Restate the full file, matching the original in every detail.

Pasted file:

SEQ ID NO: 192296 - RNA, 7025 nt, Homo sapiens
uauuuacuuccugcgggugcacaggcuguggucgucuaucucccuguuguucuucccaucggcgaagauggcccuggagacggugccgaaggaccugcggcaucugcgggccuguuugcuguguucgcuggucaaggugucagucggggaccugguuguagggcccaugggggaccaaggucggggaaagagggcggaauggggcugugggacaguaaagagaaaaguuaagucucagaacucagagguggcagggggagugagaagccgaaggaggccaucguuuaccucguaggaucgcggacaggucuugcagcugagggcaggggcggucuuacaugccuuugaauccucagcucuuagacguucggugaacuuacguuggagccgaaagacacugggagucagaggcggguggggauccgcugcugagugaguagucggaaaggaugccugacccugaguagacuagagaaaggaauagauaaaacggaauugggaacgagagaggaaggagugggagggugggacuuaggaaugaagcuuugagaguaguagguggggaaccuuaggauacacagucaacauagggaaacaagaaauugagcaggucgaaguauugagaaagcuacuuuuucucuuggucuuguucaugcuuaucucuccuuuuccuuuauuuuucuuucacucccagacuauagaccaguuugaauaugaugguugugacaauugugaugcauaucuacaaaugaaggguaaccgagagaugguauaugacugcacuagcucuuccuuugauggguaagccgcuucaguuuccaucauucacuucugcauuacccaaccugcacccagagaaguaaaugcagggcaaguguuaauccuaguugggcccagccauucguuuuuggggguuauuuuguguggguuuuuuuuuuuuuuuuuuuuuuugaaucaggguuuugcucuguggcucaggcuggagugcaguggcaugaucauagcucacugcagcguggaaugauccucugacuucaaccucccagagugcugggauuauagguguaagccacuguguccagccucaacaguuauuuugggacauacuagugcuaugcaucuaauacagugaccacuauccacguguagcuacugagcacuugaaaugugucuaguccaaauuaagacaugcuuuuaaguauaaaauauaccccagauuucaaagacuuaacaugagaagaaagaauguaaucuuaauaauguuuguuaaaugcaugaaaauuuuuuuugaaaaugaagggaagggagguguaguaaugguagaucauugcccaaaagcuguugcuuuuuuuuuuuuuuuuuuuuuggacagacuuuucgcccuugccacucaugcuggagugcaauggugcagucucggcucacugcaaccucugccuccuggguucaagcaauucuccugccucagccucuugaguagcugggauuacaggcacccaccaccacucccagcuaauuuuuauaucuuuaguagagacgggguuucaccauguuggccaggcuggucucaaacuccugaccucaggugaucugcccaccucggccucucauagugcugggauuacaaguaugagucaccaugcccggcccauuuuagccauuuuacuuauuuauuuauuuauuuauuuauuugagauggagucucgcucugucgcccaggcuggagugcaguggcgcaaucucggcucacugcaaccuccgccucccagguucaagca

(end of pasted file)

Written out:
SEQ ID NO: 192296 - RNA, 7025 nt, Homo sapiens
uauuuacuuccugcgggugcacaggcuguggucgucuaucucccuguuguucuucccaucggcgaagauggcccuggagacggugccgaaggaccugcggcaucugcgggccuguuugcuguguucgcuggucaaggugucagucggggaccugguuguagggcccaugggggaccaaggucggggaaagagggcggaauggggcugugggacaguaaagagaaaaguuaagucucagaacucagagguggcagggggagugagaagccgaaggaggccaucguuuaccucguaggaucgcggacaggucuugcagcugagggcaggggcggucuuacaugccuuugaauccucagcucuuagacguucggugaacuuacguuggagccgaaagacacugggagucagaggcggguggggauccgcugcugagugaguagucggaaaggaugccugacccugaguagacuagagaaaggaauagauaaaacggaauugggaacgagagaggaaggagugggagggugggacuuaggaaugaagcuuugagaguaguagguggggaaccuuaggauacacagucaacauagggaaacaagaaauugagcaggucgaaguauugagaaagcuacuuuuucucuuggucuuguucaugcuuaucucuccuuuuccuuuauuuuucuuucacucccagacuauagaccaguuugaauaugaugguugugacaauugugaugcauaucuacaaaugaaggguaaccgagagaugguauaugacugcacuagcucuuccuuugauggguaagccgcuucaguuuccaucauucacuucugcauuacccaaccugcacccagagaaguaaaugcagggcaaguguuaauccuaguugggcccagccauucguuuuuggggguuauuuuguguggguuuuuuuuuuuuuuuuuuuuuuugaaucaggguuuugcucuguggcucaggcuggagugcaguggcaugaucauagcucacugcagcguggaaugauccucugacuucaaccucccagagugcugggauuauagguguaagccacuguguccagccucaacaguuauuuugggacauacuagugcuaugcaucuaauacagugaccacuauccacguguagcuacugagcacuugaaaugugucuaguccaaauuaagacaugcuuuuaaguauaaaauauaccccagauuucaaagacuuaacaugagaagaaagaauguaaucuuaauaauguuuguuaaaugcaugaaaauuuuuuuugaaaaugaagggaagggagguguaguaaugguagaucauugcccaaaagcuguugcuuuuuuuuuuuuuuuuuuuuuggacagacuuuucgcccuugccacucaugcuggagugcaauggugcagucucggcucacugcaaccucugccuccuggguucaagcaauucuccugccucagccucuugaguagcugggauuacaggcacccaccaccacucccagcuaauuuuuauaucuuuaguagagacgggguuucaccauguuggccaggcuggucucaaacuccugaccucaggugaucugcccaccucggccucucauagugcugggauuacaaguaugagucaccaugcccggcccauuuuagccauuuuacuuauuuauuuauuuauuuauuuauuugagauggagucucgcucugucgcccaggcuggagugcaguggcgcaaucucggcucacugcaaccuccgccucccagguucaagca